During the early 1900s, Box Elder County’s town, Corinne, was growing fast. More traffic along the dirt roads meant horses and wagons kicked a thick layer of dust into the air. Clouds of earth poured into homes through windows and doors, sometimes making interior spaces practically unlivable. Summers were especially rough and requests from residents flooded in for sprinkling wagons to pack down the earth and prevent dust from spreading. Urban dwellers were impacted by the dirty air, but the amount of water needed to curb the problem was significant.
Water wagons, massive wooden tanks on four wheels, were pulled by two horses through the main thoroughfares of Corinne and other Utah towns. Drivers sat perched atop a spring seat, controlling the flow of water with foot pedals. The tanks sprinkled water along the earth, helping to pack down the dirt and prevent large clouds of dust from infiltrating homes and harming the quality of life in developing towns. When the driver needed to refill the tank, he would simply find the nearest fire hydrant and use a firehose to fill the barrel.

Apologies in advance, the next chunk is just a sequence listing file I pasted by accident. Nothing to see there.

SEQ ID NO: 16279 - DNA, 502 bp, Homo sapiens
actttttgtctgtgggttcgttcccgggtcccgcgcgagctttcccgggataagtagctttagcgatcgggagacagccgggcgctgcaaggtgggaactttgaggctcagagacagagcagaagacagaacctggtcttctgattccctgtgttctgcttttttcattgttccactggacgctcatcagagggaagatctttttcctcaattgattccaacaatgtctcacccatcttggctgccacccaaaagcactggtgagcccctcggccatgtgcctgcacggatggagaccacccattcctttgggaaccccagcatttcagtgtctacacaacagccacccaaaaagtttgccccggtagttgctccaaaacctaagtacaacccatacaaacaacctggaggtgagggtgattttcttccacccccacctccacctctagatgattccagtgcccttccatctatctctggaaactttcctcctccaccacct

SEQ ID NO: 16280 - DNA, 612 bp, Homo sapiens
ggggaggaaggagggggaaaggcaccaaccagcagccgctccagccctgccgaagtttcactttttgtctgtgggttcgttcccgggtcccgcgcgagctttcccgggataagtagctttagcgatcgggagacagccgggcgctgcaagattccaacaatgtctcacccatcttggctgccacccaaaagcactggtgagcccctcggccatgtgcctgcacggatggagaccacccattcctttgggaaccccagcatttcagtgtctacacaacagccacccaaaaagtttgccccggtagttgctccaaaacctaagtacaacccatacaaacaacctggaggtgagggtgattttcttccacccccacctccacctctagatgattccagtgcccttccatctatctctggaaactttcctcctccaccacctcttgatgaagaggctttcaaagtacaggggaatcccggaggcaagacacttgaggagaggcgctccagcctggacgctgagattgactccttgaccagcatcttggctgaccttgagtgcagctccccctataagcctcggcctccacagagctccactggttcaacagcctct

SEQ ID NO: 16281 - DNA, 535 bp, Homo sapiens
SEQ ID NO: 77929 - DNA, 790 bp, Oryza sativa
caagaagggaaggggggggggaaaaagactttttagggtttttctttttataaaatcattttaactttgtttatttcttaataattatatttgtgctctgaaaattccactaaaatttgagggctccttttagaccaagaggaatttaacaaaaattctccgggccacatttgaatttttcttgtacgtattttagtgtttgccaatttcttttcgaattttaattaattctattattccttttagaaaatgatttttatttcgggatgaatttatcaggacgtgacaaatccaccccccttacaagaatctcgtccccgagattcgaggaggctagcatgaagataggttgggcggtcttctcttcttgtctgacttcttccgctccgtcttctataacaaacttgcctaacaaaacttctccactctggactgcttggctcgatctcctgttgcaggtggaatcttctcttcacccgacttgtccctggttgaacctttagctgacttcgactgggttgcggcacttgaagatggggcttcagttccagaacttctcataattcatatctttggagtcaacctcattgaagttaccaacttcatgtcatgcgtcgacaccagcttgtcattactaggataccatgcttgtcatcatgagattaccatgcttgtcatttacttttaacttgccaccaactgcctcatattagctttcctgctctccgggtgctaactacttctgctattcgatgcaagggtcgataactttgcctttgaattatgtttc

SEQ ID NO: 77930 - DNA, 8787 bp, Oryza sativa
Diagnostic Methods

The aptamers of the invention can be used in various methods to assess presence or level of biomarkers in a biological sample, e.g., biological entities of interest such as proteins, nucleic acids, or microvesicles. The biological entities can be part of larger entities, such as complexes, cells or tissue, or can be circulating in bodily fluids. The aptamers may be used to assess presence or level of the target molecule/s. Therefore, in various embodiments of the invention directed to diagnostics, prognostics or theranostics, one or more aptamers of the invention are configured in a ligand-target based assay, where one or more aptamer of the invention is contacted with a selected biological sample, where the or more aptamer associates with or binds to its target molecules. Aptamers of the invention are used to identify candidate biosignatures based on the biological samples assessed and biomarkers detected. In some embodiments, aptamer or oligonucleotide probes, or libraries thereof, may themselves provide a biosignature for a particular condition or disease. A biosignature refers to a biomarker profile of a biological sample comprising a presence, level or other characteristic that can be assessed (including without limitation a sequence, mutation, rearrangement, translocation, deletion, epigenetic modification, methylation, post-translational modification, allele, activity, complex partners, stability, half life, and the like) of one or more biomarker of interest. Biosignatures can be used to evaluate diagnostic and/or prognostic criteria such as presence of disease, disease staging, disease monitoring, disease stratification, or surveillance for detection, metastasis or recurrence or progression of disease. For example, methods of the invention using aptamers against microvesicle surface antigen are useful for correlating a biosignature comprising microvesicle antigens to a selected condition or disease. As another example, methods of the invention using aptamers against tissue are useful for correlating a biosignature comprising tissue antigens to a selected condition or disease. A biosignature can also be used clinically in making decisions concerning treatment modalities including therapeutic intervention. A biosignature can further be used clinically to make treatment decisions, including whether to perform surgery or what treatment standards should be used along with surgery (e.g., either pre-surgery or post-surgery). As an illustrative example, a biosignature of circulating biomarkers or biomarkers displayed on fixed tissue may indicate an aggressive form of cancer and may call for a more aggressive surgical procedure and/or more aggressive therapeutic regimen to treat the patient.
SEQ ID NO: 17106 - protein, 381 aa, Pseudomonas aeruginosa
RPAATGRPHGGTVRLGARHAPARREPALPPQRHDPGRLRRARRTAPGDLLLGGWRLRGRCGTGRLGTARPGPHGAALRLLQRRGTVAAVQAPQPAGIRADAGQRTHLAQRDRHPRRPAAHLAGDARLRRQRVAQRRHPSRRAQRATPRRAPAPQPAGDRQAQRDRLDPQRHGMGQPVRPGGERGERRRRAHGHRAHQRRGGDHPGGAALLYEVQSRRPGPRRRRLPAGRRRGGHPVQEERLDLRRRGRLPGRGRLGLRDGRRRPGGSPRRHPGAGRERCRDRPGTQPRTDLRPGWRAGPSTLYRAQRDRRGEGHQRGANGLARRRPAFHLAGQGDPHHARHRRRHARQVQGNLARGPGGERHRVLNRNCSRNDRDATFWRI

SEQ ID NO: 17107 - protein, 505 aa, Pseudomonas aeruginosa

Water wagons required hundreds of gallons of water, and concern over water supply dominated conversations about road maintenance in local papers. Ordinances about sprinkling and refilling water wagons attempted to control some of the water usage, but during the dry summer months residents complained the roads were still too dusty. Women complained that the dirty air prevented them from hanging their laundry out to dry. Local business owners felt that dusty air was simply the price to pay for industry, arguing that it was quote “better to have business and dust than solitude and clean air.”
Within just a few decades the struggle over sprinkling wagons resolved itself. Packed dirt gave way to paved roads, eliminating the problem of dust and allowing for easier travel as the automobile became more widely available. However, this struggle was just the beginning for Utahns learning to navigate the delicate balance between water usage, human health, and growing industry.
See: Brigham D. Madsen, Corinne - The Gentile Capital of Utah, 1980; Glen M. Leonard, History of Davis County (Salt Lake City: Utah Historical Society, 1999), 289-293; C. Ray Balmforth, “Horses, Wagons, Drivers, Kids,” Beehive History 8 (1982): 16-17.; “A Boorish Sprinkler,” Deseret Evening News, April 29, 1891.; “Muddy Streets,” Salt Lake Herald-Republican, October 7, 1888.; Alberta Carriage Supply, “Restoring a Piece of History to Get it Back to Work,”.